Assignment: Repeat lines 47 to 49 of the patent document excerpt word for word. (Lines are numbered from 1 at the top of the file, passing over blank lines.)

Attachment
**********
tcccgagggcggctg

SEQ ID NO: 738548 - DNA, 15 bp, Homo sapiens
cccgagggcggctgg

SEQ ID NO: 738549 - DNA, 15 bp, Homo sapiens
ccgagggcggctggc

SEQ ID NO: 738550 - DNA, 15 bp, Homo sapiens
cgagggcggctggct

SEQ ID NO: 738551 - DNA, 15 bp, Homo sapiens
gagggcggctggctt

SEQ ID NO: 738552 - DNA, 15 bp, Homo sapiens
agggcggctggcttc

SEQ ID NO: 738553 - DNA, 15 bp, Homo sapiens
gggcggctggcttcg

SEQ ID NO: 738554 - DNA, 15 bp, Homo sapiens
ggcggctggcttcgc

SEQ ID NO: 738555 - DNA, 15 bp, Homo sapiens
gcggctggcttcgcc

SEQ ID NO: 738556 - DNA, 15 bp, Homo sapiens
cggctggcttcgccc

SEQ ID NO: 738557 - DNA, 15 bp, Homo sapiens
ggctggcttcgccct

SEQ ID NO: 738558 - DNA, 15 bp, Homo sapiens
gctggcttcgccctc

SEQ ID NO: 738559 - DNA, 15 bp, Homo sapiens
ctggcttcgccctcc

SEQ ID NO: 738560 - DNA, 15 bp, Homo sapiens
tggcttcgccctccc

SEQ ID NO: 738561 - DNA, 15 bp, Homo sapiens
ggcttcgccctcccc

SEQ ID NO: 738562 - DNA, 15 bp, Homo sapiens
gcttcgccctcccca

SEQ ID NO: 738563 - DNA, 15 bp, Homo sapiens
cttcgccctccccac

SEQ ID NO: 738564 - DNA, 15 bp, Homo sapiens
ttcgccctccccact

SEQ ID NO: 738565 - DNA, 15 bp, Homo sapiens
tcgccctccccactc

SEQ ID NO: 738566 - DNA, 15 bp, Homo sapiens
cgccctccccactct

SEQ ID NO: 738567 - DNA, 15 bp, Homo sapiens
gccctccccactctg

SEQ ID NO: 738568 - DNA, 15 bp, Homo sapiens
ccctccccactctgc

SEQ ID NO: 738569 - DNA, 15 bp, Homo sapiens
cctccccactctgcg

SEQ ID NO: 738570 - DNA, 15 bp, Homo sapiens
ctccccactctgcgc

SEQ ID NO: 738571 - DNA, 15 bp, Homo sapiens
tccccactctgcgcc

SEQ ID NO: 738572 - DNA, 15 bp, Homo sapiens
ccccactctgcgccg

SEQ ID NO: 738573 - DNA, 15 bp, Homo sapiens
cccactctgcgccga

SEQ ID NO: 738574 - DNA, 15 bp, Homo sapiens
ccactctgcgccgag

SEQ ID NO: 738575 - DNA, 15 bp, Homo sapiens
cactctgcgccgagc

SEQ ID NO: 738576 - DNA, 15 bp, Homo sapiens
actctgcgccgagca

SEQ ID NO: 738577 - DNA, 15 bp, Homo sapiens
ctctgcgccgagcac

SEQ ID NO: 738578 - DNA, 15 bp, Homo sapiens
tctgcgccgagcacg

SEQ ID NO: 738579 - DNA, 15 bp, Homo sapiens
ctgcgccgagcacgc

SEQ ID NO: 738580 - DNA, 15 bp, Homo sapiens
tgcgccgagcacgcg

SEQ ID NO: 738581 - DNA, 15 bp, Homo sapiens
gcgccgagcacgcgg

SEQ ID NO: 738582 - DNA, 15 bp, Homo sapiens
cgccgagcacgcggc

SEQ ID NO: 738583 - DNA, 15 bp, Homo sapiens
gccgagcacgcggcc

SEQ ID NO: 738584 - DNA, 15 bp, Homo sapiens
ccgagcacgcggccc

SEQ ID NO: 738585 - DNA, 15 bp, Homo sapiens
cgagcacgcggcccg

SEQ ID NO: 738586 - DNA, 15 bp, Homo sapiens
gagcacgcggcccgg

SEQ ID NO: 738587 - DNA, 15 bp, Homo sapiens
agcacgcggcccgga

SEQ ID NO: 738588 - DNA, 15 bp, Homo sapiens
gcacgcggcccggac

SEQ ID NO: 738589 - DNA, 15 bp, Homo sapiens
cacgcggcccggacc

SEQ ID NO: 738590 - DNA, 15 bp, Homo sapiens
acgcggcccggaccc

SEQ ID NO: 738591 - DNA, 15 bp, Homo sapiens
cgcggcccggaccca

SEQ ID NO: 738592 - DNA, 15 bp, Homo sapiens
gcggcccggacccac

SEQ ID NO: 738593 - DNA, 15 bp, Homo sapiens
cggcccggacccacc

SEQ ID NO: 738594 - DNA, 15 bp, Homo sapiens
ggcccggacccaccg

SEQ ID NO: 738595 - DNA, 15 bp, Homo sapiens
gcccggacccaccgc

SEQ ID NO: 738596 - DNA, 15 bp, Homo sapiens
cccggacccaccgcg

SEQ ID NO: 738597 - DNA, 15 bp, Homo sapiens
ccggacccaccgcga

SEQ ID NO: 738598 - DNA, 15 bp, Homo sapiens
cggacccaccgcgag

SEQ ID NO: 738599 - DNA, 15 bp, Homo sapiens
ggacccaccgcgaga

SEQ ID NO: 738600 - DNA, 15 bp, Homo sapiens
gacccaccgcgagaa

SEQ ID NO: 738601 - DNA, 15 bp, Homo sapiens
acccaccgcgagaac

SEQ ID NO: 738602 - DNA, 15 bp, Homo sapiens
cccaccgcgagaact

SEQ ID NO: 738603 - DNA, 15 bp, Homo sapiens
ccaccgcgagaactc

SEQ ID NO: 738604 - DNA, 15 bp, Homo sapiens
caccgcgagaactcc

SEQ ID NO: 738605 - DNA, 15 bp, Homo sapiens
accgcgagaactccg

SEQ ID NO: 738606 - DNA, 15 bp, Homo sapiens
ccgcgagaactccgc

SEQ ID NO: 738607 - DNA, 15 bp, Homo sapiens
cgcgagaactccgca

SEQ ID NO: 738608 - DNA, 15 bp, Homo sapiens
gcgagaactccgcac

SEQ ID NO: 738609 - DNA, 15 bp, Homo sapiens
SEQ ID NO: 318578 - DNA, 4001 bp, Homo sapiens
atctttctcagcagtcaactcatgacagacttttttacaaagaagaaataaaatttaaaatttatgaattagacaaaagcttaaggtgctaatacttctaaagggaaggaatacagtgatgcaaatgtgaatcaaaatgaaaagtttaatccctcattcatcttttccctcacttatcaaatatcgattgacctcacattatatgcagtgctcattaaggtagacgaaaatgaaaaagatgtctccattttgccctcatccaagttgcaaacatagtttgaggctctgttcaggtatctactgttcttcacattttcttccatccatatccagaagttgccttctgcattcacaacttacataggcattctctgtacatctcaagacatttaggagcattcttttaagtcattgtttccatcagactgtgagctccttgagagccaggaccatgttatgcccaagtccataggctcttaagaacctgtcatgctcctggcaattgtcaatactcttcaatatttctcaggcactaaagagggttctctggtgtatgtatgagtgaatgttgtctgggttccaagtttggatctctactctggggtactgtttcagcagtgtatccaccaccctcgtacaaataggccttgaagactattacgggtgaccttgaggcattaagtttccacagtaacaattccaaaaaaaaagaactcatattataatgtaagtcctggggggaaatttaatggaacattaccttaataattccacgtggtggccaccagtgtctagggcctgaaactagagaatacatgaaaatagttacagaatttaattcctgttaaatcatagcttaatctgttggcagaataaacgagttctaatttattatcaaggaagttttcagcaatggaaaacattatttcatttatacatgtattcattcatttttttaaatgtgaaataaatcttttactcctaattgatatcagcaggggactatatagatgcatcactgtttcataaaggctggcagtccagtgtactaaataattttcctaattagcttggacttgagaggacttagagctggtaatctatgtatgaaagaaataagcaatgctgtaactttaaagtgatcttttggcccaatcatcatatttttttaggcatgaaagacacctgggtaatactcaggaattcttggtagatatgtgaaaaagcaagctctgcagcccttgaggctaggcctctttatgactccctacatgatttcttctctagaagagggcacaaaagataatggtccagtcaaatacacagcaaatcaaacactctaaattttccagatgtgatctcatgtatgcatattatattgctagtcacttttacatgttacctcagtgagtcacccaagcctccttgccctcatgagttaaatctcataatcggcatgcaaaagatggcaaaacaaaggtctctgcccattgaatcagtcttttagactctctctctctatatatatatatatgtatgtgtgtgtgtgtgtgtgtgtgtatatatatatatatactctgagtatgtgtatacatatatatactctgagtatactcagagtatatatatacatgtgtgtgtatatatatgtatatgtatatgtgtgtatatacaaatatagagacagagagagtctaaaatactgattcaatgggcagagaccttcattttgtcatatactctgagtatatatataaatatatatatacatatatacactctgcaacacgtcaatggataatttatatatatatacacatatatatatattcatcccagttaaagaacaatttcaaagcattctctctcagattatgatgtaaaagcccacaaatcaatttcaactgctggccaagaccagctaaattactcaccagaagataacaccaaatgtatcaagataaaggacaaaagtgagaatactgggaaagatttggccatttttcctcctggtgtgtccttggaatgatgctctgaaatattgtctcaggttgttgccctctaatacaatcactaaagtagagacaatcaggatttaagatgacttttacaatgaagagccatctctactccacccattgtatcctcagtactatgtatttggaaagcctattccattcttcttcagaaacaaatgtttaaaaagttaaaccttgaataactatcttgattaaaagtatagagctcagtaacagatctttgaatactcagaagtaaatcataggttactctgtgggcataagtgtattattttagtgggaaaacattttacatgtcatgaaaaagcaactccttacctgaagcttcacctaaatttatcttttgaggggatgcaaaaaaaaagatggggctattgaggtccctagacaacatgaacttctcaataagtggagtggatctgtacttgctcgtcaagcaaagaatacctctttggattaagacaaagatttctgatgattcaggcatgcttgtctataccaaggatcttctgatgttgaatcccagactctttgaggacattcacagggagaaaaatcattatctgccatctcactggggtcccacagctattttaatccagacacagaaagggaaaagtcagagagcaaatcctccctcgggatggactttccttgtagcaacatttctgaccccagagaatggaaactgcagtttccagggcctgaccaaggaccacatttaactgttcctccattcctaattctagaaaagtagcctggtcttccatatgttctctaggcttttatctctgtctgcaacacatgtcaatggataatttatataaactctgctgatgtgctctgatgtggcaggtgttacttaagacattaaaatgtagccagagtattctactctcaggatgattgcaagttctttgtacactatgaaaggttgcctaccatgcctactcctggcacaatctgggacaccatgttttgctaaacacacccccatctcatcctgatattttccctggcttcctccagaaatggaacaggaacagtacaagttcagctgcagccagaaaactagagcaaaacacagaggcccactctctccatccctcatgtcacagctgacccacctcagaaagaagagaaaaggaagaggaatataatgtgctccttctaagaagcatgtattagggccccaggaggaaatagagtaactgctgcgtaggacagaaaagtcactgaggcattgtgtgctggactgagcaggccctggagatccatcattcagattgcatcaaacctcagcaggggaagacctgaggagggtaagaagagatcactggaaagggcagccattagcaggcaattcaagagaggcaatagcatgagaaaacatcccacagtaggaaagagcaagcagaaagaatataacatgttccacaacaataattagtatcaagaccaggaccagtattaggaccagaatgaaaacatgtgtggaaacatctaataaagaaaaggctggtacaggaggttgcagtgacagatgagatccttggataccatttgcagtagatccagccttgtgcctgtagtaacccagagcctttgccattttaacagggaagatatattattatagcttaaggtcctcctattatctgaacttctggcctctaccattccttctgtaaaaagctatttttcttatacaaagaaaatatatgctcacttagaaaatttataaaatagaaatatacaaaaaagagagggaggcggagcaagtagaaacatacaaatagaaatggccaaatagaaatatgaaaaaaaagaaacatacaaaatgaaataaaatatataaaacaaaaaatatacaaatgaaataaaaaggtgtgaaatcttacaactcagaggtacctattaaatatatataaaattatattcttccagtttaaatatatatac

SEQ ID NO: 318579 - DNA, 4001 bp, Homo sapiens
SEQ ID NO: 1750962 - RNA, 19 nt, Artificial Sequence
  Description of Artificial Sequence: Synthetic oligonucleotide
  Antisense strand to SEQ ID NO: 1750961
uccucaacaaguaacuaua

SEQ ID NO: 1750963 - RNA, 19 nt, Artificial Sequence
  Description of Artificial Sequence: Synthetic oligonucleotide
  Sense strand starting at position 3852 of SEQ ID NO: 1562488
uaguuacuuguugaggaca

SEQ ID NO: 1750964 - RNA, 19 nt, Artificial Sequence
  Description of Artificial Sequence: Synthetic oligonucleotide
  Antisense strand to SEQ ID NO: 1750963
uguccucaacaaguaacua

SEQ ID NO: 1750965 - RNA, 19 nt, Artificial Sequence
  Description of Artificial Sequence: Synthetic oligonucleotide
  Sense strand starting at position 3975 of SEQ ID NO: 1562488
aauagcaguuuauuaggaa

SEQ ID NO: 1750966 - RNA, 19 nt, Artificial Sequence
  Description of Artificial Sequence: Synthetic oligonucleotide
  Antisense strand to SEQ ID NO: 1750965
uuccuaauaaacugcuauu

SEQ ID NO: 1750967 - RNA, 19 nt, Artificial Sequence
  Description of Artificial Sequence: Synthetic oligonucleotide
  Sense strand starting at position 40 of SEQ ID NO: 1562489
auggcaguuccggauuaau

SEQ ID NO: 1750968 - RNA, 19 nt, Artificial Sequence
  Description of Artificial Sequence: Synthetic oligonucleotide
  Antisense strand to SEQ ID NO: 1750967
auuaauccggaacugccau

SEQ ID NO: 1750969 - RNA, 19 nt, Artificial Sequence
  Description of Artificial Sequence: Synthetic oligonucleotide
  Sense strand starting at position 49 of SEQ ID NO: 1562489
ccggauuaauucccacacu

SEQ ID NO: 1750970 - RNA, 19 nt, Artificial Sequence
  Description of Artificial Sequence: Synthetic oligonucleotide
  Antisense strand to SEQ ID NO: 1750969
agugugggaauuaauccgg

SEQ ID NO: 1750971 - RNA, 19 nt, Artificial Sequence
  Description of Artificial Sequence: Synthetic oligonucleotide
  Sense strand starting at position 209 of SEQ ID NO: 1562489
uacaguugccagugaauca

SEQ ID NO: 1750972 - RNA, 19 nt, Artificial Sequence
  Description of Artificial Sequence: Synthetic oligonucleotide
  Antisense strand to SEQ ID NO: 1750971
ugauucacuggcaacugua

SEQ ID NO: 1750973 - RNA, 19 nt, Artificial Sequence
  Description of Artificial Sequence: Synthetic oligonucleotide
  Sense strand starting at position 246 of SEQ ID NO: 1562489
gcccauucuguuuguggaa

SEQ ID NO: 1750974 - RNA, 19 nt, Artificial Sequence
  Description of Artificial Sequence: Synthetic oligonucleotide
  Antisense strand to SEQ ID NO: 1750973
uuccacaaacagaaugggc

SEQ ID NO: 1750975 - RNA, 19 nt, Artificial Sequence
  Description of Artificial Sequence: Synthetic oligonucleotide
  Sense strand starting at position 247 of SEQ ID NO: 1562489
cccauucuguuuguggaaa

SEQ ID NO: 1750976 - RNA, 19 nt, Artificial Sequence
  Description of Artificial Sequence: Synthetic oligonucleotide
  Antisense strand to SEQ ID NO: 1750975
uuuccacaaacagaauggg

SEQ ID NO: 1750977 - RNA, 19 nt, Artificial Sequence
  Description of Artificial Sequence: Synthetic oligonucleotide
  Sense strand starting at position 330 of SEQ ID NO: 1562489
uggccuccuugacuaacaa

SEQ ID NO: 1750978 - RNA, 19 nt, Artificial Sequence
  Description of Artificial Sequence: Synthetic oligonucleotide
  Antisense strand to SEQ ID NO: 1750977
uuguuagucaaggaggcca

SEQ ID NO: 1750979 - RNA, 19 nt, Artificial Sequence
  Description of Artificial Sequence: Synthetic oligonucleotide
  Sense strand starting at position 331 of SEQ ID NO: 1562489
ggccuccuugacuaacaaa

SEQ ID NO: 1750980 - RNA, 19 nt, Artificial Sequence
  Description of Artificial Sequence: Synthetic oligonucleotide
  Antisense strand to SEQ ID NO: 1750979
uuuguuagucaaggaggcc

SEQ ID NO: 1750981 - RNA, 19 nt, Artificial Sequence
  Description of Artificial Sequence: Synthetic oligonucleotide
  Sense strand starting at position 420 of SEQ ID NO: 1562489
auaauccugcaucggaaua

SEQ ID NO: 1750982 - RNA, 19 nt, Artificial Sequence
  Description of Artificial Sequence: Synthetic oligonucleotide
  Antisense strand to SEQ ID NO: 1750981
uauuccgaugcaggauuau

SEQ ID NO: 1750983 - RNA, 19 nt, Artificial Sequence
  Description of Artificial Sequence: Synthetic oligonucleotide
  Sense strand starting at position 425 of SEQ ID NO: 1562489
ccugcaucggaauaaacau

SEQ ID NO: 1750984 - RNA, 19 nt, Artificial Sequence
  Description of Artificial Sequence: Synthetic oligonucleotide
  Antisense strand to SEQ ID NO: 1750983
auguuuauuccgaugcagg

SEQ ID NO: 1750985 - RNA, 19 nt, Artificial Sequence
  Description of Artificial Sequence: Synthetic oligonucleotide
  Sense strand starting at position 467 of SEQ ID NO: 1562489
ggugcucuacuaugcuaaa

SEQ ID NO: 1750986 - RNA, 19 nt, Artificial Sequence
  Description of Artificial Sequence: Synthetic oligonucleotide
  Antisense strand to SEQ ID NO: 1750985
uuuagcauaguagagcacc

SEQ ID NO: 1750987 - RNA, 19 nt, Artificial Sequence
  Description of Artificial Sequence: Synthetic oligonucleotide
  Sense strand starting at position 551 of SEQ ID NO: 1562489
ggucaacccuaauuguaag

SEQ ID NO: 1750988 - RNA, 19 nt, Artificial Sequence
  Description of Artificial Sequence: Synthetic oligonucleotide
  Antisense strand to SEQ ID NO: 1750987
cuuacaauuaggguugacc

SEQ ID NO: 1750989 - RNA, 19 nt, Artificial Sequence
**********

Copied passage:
ctccccactctgcgc

SEQ ID NO: 738571 - DNA, 15 bp, Homo sapiens
tccccactctgcgcc